Matthew McConaughey: Career Intervention - Rolling Stone
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Matthew McConaughey: Career Intervention

Matthew McConaughey in 'A Time to Kill.'Matthew McConaughey in 'A Time to Kill.'

Matthew McConaughey in 'A Time to Kill.'

Warner Bros/Everett Collection

On the occasion of Fool’s Gold, arguably the laziest and stupidest movie of Matthew McConaughey’s increasingly lazy and stupid career, I’d like to raise the question: What the hell are you doing, man?

For over a decade, the only guarantee McConaughey’s made to audience is that he’ll be bare-chested. In Fool’s Gold, McConaughey’s co-star Kate Hudson keeps her shirt on, but not our boy. He makes it a pec fest. His old pal Matt Damon ragged on him on Letterman (check the clip on YouTube), mimicking McConaughey’s Texas twang as he tells a director: “Today’s scene I think would be a good opportunity to take my shirt off.”

It’s true that McConaughey looks great with his shirt off. But I can remember when people noticed his acting. Here’s a few memory nudgers:

McConaughey debuts with a bang as Dave Wooderson, a twenty-something stoner still hanging with the teens. “That’s what I love about high school girls,” he says, “I get older, they stay the same age.” Primo stuff, right down to the porn star mustache.

The film version of John Grisham’s 1989 novel put McConaughey on the map. Grisham rejected the usual star suspects (Brad Pitt, Val Kilmer, Woody Harrelson) but sparked when director Joel Schumacher brought him McConaughey, a Texas greenhorn best known as Drew Barrymore’s cop loverman in Boys on the Side. Grisham was right to hold out. McConaughey, then twenty six, is dynamite in a performance of smarts, sexiness, scrappy humor and unmistakable star sizzle.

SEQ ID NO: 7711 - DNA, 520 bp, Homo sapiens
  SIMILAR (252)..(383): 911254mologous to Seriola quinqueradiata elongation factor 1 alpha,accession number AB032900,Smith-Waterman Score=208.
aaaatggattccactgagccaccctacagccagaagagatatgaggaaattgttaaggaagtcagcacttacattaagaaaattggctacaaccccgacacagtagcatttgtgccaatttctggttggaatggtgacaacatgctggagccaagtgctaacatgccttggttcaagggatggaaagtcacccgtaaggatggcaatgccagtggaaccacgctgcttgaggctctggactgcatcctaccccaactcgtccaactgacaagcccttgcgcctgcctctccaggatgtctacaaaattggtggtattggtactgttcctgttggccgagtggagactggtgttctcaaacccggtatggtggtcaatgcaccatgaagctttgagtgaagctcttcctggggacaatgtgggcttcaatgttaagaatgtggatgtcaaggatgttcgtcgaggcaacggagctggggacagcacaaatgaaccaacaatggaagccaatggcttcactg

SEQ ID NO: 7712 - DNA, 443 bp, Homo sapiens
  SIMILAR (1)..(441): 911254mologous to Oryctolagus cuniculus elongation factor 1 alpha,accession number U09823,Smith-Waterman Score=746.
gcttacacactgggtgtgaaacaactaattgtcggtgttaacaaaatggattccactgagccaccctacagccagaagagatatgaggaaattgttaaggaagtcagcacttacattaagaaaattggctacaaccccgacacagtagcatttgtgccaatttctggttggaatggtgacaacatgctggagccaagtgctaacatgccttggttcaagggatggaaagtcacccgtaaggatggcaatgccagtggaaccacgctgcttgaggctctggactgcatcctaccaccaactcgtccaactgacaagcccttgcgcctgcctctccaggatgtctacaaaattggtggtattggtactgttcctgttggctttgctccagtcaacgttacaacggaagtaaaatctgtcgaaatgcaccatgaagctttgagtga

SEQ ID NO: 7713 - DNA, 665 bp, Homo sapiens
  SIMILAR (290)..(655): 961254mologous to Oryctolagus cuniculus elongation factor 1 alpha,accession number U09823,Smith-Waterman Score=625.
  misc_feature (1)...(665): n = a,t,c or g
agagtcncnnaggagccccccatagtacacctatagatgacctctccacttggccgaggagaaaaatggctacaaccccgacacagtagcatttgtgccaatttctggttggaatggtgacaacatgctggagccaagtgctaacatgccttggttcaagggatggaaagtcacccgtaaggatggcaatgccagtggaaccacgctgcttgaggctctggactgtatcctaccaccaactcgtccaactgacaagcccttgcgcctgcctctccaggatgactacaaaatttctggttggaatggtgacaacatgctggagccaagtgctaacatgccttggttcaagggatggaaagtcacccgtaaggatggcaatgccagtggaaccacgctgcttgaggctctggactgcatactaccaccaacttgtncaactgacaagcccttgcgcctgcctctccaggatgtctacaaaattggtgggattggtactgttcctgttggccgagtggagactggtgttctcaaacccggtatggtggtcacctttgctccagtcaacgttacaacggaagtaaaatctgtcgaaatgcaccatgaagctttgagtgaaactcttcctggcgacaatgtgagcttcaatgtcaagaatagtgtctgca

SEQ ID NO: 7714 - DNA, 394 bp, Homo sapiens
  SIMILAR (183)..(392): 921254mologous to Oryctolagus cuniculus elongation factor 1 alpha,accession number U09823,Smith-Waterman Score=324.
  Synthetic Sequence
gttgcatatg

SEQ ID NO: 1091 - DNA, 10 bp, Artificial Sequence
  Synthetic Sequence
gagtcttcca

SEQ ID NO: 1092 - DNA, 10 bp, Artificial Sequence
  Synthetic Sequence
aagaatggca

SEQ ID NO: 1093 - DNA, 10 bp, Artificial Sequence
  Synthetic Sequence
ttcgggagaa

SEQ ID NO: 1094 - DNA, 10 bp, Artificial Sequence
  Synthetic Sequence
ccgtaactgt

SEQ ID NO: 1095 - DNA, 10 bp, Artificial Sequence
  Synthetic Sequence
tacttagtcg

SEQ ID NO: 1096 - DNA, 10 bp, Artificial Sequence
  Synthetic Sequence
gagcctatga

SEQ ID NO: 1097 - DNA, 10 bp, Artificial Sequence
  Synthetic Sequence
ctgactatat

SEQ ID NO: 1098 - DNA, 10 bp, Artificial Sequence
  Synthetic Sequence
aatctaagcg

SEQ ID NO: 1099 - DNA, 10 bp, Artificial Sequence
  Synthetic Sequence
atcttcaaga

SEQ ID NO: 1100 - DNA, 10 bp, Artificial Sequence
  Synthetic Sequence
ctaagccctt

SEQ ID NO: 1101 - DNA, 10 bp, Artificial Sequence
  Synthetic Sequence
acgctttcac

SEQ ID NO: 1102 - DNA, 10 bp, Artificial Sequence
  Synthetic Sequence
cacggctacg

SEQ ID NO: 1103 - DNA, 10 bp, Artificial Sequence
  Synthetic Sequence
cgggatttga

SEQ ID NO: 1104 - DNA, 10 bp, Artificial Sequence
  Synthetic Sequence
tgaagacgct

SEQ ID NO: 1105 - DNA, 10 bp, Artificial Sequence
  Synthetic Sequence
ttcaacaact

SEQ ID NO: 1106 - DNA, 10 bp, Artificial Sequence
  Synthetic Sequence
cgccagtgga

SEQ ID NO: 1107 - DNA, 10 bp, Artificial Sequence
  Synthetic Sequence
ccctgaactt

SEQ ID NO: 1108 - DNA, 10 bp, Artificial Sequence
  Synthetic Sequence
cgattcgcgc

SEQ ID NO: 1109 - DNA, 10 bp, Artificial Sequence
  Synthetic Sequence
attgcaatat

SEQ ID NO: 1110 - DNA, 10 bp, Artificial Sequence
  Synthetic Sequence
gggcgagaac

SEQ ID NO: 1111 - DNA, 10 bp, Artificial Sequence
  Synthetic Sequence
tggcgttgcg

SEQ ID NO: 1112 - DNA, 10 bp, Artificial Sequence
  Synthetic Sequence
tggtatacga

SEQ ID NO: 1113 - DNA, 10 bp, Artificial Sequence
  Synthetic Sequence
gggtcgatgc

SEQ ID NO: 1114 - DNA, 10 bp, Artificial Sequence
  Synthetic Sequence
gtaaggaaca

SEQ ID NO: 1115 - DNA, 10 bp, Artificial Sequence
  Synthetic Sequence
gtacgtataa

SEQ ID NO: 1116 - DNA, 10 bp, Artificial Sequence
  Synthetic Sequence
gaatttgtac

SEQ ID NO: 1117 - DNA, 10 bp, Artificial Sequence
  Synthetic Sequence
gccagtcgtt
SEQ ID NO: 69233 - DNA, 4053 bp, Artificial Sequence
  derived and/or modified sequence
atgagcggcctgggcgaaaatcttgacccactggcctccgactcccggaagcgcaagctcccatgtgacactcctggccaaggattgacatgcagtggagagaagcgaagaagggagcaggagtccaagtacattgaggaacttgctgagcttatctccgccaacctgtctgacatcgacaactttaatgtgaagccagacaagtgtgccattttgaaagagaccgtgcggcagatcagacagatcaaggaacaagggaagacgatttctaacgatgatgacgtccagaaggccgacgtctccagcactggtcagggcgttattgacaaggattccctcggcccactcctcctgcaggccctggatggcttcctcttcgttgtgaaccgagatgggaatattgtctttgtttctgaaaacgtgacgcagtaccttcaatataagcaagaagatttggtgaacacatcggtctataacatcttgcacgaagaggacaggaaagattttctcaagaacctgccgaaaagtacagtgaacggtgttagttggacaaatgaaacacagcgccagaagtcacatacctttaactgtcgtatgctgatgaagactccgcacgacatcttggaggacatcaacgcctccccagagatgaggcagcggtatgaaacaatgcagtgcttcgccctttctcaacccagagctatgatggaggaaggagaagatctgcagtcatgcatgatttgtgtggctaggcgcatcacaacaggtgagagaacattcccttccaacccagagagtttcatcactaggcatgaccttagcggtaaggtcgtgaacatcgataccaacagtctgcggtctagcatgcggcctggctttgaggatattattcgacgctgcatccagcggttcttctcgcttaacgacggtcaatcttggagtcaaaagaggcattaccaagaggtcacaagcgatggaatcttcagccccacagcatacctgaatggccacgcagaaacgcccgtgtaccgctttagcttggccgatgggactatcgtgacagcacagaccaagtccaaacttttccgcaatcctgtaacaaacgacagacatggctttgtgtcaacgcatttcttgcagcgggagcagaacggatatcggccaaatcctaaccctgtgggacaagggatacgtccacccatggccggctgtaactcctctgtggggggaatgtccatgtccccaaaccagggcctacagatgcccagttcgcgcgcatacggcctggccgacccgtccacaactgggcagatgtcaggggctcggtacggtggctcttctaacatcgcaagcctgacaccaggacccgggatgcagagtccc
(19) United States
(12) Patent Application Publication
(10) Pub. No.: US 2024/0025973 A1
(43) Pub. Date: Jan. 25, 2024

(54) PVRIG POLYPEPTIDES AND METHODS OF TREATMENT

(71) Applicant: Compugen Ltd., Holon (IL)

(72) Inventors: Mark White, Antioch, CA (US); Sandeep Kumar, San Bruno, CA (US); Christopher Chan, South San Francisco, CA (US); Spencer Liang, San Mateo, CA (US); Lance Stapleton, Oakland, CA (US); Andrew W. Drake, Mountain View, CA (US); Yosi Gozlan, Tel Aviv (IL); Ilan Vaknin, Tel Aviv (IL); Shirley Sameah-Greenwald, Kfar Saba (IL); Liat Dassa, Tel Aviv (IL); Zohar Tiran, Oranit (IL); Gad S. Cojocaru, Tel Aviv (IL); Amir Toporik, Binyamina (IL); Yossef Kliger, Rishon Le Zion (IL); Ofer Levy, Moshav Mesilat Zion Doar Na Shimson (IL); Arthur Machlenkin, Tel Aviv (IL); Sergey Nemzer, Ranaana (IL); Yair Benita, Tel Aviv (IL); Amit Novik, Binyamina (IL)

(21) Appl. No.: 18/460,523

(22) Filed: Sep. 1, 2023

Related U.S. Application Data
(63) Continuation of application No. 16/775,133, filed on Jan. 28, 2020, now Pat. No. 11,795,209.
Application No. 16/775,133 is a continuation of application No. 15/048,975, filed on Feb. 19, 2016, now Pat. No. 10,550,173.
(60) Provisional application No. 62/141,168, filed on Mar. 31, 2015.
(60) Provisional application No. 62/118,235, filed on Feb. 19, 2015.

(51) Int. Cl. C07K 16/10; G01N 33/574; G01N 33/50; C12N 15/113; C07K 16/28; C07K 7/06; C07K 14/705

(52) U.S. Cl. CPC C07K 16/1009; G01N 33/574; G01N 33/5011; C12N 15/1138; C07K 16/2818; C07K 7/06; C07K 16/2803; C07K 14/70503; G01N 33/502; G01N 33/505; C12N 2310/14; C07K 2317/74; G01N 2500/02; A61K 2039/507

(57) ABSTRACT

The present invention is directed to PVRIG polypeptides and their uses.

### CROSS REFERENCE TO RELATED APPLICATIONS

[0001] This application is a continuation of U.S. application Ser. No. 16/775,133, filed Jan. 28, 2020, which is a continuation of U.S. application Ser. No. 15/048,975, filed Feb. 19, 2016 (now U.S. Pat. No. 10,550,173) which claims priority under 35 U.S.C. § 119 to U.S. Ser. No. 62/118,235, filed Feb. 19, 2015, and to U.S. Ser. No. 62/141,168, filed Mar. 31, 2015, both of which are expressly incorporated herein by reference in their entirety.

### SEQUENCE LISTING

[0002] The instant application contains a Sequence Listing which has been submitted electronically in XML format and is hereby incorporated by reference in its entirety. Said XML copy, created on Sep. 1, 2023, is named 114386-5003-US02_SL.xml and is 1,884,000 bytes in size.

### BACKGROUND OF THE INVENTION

Working with indie pionner John Sayles, McConaughey shows style and substance as a Texas lawman, circa 1957, trying to force out a brutal, bigoted Sheriff (Kris Kristofferson) and take his job.

OK, you get my point. In the last decade, McConaughey has walked, mostly shirtless, through tired romcoms (The Wedding Planner, How To Lose a Guy in 10 Days, Failure to Launch) and paycheck adventures (U-571, Sahara). He’s blown his chance with good directors, such as Steven Spielberg in Amistad and Robert Zemeckis in Contact. Two years ago, in We Are Marshall, he had a solid role as Jack Lengyel, the motivator who took over as coach of West Virginia’s Marshall University football team when the players were killed in a 1970 plane crash. And what happens? He overdoes it in a performance so hammy it should have been served with pineapple.

Is all lost? You can see a bit of the old McConaughey in 2001’s Thirteen Conversations About One Thing and 2002’s Frailty. But they were little movies. And McConaughey is recklessly chasing the big score, at least in box-office terms. I say reckless because, as Fool’s Gold proves, McConaughey is starting to look as bored in these movies as I am watching them. He’s too good to be the next Paris Hilton, knowing the audience is out there saying, “Show me your titties.” Look — and weep — at the titles of his next three McConaughey movies: Surfer Dude, Tropic Thunder, and The Ghosts of Girlfriends Past.


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